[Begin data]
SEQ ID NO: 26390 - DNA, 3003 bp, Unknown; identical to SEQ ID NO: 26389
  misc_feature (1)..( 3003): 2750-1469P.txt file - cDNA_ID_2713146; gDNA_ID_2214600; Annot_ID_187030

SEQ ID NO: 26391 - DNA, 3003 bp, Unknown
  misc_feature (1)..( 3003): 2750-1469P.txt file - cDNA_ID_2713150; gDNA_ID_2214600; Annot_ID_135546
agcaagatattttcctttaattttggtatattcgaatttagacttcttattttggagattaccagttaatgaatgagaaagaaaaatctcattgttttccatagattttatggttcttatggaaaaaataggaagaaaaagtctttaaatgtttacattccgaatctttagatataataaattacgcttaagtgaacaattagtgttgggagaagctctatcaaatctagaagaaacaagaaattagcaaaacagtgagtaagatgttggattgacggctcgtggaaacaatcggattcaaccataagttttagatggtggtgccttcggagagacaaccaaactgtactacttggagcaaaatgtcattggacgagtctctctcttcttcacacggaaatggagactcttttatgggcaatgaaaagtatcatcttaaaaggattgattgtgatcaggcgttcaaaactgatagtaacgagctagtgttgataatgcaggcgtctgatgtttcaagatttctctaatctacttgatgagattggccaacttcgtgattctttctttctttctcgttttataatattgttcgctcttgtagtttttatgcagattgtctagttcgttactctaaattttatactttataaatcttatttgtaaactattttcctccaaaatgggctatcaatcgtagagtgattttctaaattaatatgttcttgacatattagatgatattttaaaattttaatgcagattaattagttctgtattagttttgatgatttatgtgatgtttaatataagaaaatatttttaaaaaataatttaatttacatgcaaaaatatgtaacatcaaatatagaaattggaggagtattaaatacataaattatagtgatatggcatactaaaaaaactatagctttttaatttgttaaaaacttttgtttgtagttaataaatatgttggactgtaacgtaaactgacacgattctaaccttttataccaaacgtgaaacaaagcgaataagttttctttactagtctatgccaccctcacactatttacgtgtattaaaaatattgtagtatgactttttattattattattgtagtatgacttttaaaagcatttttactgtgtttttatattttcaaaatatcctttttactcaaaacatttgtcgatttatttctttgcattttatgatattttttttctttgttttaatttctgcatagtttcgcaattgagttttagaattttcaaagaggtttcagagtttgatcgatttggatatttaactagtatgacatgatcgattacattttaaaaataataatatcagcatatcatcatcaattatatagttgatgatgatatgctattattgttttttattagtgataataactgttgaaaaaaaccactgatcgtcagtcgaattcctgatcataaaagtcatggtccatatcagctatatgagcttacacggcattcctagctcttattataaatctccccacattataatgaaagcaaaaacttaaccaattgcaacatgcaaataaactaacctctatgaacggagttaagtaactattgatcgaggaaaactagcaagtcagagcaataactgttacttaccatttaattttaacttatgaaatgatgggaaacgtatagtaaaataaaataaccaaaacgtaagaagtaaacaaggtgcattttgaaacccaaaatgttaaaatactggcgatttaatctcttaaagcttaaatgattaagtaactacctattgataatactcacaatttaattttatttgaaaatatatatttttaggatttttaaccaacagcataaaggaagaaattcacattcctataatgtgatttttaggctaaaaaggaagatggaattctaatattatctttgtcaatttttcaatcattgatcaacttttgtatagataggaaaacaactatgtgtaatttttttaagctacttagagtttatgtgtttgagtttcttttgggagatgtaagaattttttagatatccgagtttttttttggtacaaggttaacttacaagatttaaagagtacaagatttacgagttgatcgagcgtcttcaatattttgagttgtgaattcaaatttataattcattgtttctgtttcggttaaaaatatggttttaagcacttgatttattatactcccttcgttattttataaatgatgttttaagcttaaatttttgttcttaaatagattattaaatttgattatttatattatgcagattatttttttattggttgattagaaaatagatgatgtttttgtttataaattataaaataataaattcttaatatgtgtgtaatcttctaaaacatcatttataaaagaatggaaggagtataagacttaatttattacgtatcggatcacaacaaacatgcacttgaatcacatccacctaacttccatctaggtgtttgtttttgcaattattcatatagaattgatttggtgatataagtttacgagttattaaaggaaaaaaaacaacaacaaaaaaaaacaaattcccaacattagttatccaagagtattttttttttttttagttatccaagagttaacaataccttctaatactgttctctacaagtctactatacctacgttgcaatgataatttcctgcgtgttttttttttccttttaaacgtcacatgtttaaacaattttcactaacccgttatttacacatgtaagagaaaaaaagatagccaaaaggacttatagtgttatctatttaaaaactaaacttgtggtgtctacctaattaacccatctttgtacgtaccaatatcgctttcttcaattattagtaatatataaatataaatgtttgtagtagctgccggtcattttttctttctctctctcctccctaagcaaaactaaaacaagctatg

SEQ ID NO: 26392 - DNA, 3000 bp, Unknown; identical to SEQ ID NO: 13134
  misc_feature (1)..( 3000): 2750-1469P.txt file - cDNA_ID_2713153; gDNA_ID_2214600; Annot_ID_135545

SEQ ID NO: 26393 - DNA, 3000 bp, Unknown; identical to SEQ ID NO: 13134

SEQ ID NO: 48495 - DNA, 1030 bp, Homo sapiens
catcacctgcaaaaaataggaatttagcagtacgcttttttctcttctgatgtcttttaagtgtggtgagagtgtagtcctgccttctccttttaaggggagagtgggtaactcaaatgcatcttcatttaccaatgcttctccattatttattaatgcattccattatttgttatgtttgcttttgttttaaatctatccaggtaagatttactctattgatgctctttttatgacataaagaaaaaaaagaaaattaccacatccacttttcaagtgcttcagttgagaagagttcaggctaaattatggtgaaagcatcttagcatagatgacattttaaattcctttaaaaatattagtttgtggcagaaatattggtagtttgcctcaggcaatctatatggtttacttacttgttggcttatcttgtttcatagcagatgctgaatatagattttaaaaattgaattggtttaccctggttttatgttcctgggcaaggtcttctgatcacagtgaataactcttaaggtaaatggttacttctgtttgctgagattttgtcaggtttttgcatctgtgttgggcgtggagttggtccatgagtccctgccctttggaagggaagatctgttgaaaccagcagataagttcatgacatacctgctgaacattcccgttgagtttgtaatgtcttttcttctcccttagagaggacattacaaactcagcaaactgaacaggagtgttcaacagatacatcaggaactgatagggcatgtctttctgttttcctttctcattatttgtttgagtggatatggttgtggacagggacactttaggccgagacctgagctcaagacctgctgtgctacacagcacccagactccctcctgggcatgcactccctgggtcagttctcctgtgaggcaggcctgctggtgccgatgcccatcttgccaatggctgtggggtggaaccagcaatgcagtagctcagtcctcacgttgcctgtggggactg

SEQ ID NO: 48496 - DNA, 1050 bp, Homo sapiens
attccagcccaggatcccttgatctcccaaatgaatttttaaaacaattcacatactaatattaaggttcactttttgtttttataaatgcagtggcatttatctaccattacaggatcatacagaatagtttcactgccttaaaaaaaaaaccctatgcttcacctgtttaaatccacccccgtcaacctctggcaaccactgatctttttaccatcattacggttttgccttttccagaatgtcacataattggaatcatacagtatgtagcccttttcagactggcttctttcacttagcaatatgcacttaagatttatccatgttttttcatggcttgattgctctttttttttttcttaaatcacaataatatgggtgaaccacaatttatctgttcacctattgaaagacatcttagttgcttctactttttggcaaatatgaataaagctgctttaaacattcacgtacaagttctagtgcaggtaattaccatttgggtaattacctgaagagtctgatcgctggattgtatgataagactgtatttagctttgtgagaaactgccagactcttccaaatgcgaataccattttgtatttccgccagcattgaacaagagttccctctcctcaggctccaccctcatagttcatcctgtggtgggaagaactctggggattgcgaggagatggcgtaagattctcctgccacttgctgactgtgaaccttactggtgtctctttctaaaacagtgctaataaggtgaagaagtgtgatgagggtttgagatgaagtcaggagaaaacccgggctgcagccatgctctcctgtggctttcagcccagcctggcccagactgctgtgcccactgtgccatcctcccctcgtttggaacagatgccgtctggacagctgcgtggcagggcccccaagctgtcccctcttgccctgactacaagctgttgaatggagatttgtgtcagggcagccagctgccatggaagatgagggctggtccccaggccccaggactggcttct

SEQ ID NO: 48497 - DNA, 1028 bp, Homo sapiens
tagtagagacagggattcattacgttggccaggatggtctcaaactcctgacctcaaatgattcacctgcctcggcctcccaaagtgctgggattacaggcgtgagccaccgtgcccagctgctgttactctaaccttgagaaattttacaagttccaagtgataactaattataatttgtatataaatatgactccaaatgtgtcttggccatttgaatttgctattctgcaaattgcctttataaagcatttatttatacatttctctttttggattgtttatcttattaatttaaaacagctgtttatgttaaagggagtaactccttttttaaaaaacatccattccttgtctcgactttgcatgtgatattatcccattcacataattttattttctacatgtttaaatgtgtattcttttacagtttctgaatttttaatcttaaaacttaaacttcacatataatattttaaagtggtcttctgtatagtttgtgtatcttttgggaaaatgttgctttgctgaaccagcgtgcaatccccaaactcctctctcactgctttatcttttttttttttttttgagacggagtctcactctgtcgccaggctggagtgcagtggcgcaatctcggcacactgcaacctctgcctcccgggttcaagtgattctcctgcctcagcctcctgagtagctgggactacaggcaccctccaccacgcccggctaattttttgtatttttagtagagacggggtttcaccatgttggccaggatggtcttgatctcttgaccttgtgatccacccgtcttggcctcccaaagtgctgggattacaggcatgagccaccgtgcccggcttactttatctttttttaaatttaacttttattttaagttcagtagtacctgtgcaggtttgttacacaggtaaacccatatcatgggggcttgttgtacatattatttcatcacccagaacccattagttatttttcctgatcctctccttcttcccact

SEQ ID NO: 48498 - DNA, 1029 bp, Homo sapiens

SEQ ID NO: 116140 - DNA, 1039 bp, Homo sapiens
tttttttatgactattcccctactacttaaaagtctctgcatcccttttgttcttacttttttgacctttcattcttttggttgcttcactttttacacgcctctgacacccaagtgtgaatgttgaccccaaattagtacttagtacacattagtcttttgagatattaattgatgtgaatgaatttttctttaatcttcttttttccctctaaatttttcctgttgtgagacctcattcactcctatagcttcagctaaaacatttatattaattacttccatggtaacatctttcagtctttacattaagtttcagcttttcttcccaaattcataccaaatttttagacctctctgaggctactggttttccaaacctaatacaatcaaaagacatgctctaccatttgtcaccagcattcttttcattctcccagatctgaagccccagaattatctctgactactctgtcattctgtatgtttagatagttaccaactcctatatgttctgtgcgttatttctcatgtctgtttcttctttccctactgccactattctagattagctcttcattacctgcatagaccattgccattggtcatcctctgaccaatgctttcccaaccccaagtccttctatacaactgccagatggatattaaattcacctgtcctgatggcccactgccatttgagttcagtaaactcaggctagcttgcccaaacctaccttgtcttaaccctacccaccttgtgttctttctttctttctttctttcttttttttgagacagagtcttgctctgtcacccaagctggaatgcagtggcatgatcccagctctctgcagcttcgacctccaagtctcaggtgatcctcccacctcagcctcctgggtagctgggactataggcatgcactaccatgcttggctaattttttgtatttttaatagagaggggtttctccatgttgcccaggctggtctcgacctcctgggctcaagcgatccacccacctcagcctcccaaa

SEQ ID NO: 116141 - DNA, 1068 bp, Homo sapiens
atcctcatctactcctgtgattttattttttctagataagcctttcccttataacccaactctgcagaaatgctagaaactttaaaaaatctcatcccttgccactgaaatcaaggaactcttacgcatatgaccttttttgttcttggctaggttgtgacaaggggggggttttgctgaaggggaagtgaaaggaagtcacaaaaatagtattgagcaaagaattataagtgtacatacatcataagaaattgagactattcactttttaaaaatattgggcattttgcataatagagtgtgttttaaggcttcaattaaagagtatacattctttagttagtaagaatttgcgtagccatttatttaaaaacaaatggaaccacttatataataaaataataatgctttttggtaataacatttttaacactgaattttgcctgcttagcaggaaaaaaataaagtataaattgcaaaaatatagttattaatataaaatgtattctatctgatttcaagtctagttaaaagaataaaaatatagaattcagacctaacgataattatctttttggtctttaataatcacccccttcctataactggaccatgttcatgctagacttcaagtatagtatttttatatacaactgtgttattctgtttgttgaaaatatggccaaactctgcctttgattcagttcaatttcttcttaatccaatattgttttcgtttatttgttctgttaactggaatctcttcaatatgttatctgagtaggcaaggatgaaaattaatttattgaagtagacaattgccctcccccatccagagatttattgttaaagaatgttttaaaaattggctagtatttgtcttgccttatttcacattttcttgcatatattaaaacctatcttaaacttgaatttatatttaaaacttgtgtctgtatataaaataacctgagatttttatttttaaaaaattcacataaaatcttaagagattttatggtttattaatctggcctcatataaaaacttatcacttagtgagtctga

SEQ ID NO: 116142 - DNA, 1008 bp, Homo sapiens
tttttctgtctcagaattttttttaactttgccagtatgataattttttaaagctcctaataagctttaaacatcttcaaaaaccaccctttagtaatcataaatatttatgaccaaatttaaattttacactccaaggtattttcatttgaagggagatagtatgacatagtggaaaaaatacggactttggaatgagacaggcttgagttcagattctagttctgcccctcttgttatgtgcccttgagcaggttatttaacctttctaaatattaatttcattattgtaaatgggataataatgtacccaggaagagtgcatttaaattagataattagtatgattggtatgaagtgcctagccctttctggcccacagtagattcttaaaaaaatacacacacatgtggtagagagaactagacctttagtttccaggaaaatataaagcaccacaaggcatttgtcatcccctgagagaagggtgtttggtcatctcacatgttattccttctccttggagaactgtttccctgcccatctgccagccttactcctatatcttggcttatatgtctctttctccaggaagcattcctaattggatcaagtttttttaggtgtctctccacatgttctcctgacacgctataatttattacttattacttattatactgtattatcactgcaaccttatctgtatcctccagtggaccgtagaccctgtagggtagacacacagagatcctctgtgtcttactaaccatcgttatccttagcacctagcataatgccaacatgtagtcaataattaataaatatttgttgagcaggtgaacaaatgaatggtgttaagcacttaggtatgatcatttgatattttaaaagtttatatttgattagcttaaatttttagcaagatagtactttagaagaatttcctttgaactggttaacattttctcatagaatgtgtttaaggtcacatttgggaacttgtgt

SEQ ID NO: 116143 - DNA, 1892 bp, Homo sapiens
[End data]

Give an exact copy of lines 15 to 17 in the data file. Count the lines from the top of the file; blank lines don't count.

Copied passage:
SEQ ID NO: 48498 - DNA, 1029 bp, Homo sapiens

SEQ ID NO: 116140 - DNA, 1039 bp, Homo sapiens
tttttttatgactattcccctactacttaaaagtctctgcatcccttttgttcttacttttttgacctttcattcttttggttgcttcactttttacacgcctctgacacccaagtgtgaatgttgaccccaaattagtacttagtacacattagtcttttgagatattaattgatgtgaatgaatttttctttaatcttcttttttccctctaaatttttcctgttgtgagacctcattcactcctatagcttcagctaaaacatttatattaattacttccatggtaacatctttcagtctttacattaagtttcagcttttcttcccaaattcataccaaatttttagacctctctgaggctactggttttccaaacctaatacaatcaaaagacatgctctaccatttgtcaccagcattcttttcattctcccagatctgaagccccagaattatctctgactactctgtcattctgtatgtttagatagttaccaactcctatatgttctgtgcgttatttctcatgtctgtttcttctttccctactgccactattctagattagctcttcattacctgcatagaccattgccattggtcatcctctgaccaatgctttcccaaccccaagtccttctatacaactgccagatggatattaaattcacctgtcctgatggcccactgccatttgagttcagtaaactcaggctagcttgcccaaacctaccttgtcttaaccctacccaccttgtgttctttctttctttctttctttcttttttttgagacagagtcttgctctgtcacccaagctggaatgcagtggcatgatcccagctctctgcagcttcgacctccaagtctcaggtgatcctcccacctcagcctcctgggtagctgggactataggcatgcactaccatgcttggctaattttttgtatttttaatagagaggggtttctccatgttgcccaggctggtctcgacctcctgggctcaagcgatccacccacctcagcctcccaaa